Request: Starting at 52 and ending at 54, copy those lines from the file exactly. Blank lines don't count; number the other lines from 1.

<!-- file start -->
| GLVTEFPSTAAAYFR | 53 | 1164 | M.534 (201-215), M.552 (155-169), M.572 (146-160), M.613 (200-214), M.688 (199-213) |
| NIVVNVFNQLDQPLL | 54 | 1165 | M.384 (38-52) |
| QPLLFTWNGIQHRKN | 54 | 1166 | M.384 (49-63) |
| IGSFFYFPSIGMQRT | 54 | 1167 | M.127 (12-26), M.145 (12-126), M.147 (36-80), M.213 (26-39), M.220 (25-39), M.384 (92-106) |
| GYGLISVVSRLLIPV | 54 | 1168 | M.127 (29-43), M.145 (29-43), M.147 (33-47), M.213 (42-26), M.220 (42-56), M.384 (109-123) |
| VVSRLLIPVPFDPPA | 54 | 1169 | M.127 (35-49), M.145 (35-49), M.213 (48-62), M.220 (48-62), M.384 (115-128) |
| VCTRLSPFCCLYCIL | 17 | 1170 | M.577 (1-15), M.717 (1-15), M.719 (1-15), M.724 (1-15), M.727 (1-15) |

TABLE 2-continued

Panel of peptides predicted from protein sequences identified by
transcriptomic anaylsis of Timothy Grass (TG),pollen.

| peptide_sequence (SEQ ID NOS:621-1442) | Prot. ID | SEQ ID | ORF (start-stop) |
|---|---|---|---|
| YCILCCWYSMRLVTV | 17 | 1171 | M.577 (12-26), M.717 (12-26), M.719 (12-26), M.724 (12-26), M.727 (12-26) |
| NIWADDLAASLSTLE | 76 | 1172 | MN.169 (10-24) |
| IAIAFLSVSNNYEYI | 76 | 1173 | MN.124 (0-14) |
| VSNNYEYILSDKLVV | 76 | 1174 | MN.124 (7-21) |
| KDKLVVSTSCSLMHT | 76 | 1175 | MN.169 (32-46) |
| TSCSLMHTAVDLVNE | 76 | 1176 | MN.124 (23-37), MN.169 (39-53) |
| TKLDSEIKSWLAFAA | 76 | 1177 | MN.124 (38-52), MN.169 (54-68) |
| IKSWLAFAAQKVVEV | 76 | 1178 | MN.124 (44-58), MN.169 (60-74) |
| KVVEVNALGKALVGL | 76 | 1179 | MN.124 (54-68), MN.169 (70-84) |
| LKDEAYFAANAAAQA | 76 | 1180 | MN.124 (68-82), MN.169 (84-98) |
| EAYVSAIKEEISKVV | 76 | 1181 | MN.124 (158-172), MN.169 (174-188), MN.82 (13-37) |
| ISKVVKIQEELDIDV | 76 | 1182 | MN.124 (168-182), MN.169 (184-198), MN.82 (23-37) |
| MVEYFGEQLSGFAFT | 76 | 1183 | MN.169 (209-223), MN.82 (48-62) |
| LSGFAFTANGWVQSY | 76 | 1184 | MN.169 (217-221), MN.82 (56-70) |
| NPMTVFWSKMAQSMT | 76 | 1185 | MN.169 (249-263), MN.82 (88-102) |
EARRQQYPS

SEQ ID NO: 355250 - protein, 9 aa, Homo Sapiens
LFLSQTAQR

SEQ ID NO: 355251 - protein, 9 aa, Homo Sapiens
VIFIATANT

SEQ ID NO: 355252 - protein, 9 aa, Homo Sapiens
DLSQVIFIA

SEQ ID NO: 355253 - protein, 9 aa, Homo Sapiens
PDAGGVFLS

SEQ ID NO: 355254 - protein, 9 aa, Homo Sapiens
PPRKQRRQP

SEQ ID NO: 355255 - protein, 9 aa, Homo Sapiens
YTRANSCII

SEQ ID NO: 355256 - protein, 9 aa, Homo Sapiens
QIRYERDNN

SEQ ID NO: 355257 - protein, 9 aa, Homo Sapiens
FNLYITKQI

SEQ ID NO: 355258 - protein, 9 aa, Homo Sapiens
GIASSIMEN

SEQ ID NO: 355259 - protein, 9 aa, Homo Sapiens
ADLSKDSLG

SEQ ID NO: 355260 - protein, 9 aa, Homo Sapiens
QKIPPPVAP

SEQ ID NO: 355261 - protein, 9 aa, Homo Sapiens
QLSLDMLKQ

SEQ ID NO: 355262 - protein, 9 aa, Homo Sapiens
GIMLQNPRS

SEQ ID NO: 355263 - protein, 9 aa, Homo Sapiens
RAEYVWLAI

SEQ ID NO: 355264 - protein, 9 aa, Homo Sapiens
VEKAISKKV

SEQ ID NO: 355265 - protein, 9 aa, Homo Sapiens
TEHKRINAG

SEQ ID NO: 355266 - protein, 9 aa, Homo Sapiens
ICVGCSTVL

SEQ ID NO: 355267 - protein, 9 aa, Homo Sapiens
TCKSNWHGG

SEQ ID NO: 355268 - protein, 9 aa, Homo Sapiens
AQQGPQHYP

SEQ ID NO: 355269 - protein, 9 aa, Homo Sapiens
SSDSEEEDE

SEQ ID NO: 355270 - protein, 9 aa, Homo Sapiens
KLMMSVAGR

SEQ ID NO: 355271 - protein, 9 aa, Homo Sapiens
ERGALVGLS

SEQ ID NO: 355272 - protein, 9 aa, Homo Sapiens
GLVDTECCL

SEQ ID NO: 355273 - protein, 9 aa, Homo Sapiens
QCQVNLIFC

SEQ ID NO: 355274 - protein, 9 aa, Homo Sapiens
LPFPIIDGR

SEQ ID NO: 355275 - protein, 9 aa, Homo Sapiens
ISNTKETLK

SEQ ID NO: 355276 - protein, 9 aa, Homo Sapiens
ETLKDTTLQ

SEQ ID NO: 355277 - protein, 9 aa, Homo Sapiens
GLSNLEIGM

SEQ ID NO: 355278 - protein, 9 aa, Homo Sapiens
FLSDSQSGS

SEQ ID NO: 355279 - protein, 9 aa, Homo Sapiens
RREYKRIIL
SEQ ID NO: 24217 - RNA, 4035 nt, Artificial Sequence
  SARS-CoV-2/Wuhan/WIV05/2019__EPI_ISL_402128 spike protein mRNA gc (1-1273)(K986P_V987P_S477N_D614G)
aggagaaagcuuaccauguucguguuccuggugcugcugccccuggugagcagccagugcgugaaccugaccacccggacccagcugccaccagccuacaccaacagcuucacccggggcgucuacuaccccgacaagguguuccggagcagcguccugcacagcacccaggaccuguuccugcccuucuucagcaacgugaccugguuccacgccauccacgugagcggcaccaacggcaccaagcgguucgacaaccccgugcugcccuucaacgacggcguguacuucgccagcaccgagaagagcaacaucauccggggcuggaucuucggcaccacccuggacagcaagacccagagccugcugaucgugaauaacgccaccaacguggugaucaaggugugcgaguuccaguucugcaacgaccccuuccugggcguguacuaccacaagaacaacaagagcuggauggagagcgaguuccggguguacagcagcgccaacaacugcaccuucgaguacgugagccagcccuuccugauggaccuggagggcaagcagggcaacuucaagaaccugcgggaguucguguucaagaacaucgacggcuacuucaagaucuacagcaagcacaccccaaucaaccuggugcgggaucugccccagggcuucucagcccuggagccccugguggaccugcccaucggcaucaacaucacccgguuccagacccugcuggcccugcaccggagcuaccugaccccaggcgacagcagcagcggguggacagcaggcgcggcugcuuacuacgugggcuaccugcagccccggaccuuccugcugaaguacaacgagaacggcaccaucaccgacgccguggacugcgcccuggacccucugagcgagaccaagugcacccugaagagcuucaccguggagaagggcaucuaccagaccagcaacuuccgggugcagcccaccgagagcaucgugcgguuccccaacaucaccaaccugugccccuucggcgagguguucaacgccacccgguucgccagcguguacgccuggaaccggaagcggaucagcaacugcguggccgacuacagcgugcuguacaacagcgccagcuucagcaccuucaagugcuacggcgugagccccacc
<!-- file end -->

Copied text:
QLSLDMLKQ

SEQ ID NO: 355262 - protein, 9 aa, Homo Sapiens
GIMLQNPRS